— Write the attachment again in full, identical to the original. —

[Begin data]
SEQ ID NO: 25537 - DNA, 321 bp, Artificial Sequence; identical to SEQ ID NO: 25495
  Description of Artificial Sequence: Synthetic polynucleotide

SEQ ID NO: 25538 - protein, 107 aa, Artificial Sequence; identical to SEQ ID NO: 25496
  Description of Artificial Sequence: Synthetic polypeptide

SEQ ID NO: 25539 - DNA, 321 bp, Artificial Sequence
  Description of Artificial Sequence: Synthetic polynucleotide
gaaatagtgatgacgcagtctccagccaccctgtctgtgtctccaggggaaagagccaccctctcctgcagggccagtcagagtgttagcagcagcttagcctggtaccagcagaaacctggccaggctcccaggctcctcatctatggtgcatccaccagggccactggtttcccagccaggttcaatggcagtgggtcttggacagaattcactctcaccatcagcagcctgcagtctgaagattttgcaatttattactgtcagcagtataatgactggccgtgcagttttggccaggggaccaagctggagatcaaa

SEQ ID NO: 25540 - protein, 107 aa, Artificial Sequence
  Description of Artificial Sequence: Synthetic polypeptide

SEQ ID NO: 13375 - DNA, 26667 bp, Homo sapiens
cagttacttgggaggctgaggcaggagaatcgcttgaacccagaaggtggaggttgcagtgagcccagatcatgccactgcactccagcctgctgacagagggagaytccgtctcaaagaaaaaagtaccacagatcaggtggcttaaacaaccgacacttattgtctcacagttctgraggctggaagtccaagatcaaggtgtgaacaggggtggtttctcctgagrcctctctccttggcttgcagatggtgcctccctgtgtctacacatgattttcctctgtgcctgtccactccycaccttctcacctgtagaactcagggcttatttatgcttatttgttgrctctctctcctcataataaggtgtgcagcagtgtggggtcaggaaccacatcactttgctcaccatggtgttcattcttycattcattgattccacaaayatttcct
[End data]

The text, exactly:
SEQ ID NO: 25537 - DNA, 321 bp, Artificial Sequence; identical to SEQ ID NO: 25495
  Description of Artificial Sequence: Synthetic polynucleotide

SEQ ID NO: 25538 - protein, 107 aa, Artificial Sequence; identical to SEQ ID NO: 25496
  Description of Artificial Sequence: Synthetic polypeptide

SEQ ID NO: 25539 - DNA, 321 bp, Artificial Sequence
  Description of Artificial Sequence: Synthetic polynucleotide
gaaatagtgatgacgcagtctccagccaccctgtctgtgtctccaggggaaagagccaccctctcctgcagggccagtcagagtgttagcagcagcttagcctggtaccagcagaaacctggccaggctcccaggctcctcatctatggtgcatccaccagggccactggtttcccagccaggttcaatggcagtgggtcttggacagaattcactctcaccatcagcagcctgcagtctgaagattttgcaatttattactgtcagcagtataatgactggccgtgcagttttggccaggggaccaagctggagatcaaa

SEQ ID NO: 25540 - protein, 107 aa, Artificial Sequence
  Description of Artificial Sequence: Synthetic polypeptide

SEQ ID NO: 13375 - DNA, 26667 bp, Homo sapiens
cagttacttgggaggctgaggcaggagaatcgcttgaacccagaaggtggaggttgcagtgagcccagatcatgccactgcactccagcctgctgacagagggagaytccgtctcaaagaaaaaagtaccacagatcaggtggcttaaacaaccgacacttattgtctcacagttctgraggctggaagtccaagatcaaggtgtgaacaggggtggtttctcctgagrcctctctccttggcttgcagatggtgcctccctgtgtctacacatgattttcctctgtgcctgtccactccycaccttctcacctgtagaactcagggcttatttatgcttatttgttgrctctctctcctcataataaggtgtgcagcagtgtggggtcaggaaccacatcactttgctcaccatggtgttcattcttycattcattgattccacaaayatttcct